And yes, when we fire all the presidents, who are all these people you know that would be great administrators and would focus solely on the students

            This is a fair criticism. Obviously, I’m not going to be in charge of the hiring, and the way things are in the university system now, politics matters a whole hell of a lot more than job performance does.

            If we fire the current crop of bozos, there’s no guarantee they wouldn’t be replaced by new crop of bozos.

          • Guest

            Well if I missed the point, can you give me some example of universities that have been privatized, not founded as private universities that improved greatly after privatization?

            Also, I don’t think that any president of any ND university would ever earn your approval. They’d have to show up with a wrecking ball and a demolition crew on their first day to enjoy your support.

          • http://Sayanythingblog.com The Whistler

            The process has been the opposite and higher education has gotten worse.

          • Guest

            Well Whistler, you must know of at least one example. We’re talking about privatizing the whole system here. We should probably look toward one of the many who took the tried and true route of university privatization. I’m guessing you didn’t reply with a real answer simply because the examples are so numerous and obvious, I shouldn’t even need to ask.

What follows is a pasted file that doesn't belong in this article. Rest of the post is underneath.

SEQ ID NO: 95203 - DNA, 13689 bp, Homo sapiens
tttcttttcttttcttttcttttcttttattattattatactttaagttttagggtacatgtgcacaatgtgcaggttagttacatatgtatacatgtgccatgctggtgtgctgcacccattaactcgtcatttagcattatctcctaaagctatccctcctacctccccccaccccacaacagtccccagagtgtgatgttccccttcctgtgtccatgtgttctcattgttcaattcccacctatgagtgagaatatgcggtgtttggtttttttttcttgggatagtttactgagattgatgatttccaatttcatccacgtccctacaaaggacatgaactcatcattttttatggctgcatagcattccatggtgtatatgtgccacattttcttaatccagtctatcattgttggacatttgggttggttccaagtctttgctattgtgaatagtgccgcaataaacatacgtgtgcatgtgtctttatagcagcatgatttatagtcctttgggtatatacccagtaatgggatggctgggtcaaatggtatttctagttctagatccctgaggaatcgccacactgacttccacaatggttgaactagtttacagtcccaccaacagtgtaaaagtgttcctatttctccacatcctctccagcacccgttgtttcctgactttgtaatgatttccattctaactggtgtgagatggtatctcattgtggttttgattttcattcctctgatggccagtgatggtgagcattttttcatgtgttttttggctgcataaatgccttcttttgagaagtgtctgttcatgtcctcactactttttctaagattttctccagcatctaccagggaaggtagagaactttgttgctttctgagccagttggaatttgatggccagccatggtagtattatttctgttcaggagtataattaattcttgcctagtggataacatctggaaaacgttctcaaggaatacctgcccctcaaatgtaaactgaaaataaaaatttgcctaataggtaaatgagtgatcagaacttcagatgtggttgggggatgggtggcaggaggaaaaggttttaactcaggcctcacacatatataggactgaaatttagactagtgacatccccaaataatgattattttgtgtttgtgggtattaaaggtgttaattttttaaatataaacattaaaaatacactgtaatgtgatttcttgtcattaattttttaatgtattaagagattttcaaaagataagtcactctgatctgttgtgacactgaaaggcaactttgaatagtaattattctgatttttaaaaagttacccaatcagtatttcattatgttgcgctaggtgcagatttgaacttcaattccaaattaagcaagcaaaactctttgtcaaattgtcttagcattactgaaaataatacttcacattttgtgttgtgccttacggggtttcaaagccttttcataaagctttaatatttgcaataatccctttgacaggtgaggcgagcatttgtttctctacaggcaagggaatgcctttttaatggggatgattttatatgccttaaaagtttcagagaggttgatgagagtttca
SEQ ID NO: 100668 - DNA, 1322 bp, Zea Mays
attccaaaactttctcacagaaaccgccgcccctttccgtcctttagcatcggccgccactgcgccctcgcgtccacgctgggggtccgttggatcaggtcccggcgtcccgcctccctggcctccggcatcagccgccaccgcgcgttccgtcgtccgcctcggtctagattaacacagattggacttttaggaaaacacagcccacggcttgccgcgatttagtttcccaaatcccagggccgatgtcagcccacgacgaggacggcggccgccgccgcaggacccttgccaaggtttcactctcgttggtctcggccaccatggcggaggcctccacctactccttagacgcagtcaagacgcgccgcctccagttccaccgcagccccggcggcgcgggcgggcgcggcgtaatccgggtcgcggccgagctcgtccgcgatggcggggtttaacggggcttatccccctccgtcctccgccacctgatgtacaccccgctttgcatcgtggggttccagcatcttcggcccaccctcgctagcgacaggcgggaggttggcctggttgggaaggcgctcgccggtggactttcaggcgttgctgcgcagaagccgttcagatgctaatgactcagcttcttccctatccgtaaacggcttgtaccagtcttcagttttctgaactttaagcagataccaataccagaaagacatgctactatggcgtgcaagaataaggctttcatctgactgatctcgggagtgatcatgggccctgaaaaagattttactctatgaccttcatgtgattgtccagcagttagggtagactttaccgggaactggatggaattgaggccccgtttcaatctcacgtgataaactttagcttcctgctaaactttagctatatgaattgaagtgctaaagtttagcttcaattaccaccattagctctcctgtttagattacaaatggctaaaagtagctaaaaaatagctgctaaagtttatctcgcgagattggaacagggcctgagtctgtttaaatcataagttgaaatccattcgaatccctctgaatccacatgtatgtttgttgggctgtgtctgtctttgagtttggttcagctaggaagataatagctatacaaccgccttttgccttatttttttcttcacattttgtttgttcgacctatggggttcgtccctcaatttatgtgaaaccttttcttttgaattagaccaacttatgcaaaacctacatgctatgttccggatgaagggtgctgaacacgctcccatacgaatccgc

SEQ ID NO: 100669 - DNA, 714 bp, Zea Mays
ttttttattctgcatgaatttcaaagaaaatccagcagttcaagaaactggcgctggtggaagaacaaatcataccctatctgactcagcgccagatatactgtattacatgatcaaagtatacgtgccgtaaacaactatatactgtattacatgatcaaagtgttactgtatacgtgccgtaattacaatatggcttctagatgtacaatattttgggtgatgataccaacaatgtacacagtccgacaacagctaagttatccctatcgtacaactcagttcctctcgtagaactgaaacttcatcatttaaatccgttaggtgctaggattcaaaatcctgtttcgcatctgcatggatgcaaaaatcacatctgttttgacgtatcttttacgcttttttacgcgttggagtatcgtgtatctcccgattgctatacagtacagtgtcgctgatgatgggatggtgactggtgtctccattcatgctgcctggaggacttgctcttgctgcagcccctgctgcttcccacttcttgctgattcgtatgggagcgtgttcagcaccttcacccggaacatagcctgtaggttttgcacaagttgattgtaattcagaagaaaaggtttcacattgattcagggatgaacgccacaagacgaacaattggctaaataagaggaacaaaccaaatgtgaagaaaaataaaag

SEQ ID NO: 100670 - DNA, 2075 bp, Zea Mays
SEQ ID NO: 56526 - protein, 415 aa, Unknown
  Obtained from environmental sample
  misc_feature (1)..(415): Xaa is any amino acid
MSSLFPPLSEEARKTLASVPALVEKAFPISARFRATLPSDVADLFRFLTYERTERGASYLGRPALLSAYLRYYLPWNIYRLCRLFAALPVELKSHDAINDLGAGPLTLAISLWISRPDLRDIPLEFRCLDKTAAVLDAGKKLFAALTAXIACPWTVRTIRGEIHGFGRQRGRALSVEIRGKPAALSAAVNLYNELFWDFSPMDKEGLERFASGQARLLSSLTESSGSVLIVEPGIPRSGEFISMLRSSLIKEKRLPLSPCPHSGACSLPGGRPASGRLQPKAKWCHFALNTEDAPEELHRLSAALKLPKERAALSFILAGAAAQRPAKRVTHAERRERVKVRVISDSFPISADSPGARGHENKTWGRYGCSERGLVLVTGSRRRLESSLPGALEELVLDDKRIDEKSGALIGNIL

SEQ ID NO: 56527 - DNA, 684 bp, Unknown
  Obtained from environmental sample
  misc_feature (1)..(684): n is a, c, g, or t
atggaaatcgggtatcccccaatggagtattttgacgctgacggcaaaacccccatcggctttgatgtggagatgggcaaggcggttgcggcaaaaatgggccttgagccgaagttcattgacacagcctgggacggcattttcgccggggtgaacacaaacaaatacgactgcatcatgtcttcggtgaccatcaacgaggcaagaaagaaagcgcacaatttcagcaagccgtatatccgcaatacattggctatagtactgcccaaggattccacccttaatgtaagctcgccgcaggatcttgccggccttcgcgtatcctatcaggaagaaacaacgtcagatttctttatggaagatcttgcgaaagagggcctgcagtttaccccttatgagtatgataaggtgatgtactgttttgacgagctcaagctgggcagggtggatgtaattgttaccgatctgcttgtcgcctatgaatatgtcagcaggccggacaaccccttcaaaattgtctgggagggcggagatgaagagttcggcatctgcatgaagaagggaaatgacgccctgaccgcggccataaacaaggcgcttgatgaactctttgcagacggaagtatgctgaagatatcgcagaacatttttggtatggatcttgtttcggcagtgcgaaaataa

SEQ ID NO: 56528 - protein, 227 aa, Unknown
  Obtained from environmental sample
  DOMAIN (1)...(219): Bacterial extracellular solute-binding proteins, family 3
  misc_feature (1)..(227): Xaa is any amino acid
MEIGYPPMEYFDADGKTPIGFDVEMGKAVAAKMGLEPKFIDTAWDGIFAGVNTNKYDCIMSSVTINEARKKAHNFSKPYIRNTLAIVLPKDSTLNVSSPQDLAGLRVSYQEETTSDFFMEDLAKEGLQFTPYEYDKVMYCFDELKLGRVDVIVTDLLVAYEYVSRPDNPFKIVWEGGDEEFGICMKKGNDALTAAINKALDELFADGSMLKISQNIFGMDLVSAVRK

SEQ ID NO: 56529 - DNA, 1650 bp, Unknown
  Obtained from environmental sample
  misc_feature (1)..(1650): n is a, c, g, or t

• http://Sayanythingblog.com The Whistler

            I don’t know that it’s ever been tried.

            It’s time.

          • Guest

            Yeah, I don’t think we’ve ever tried having purely Utopian socialist system of governance.

            Also, you’ve probably never had a chance to be romantic with someone of the same sex.

            It’s time!

          • awfulorv

            The problem, as I see it, is that all the presidents consider themselves to be the CEO of the company, but it is not a company. Though, come to think of it, I did see a advertisement, recently, selling something named FATHEAD, so I might be wrong on that score…

          • http://Sayanythingblog.com The Whistler

            CEO’s have to perform, at least now days they do.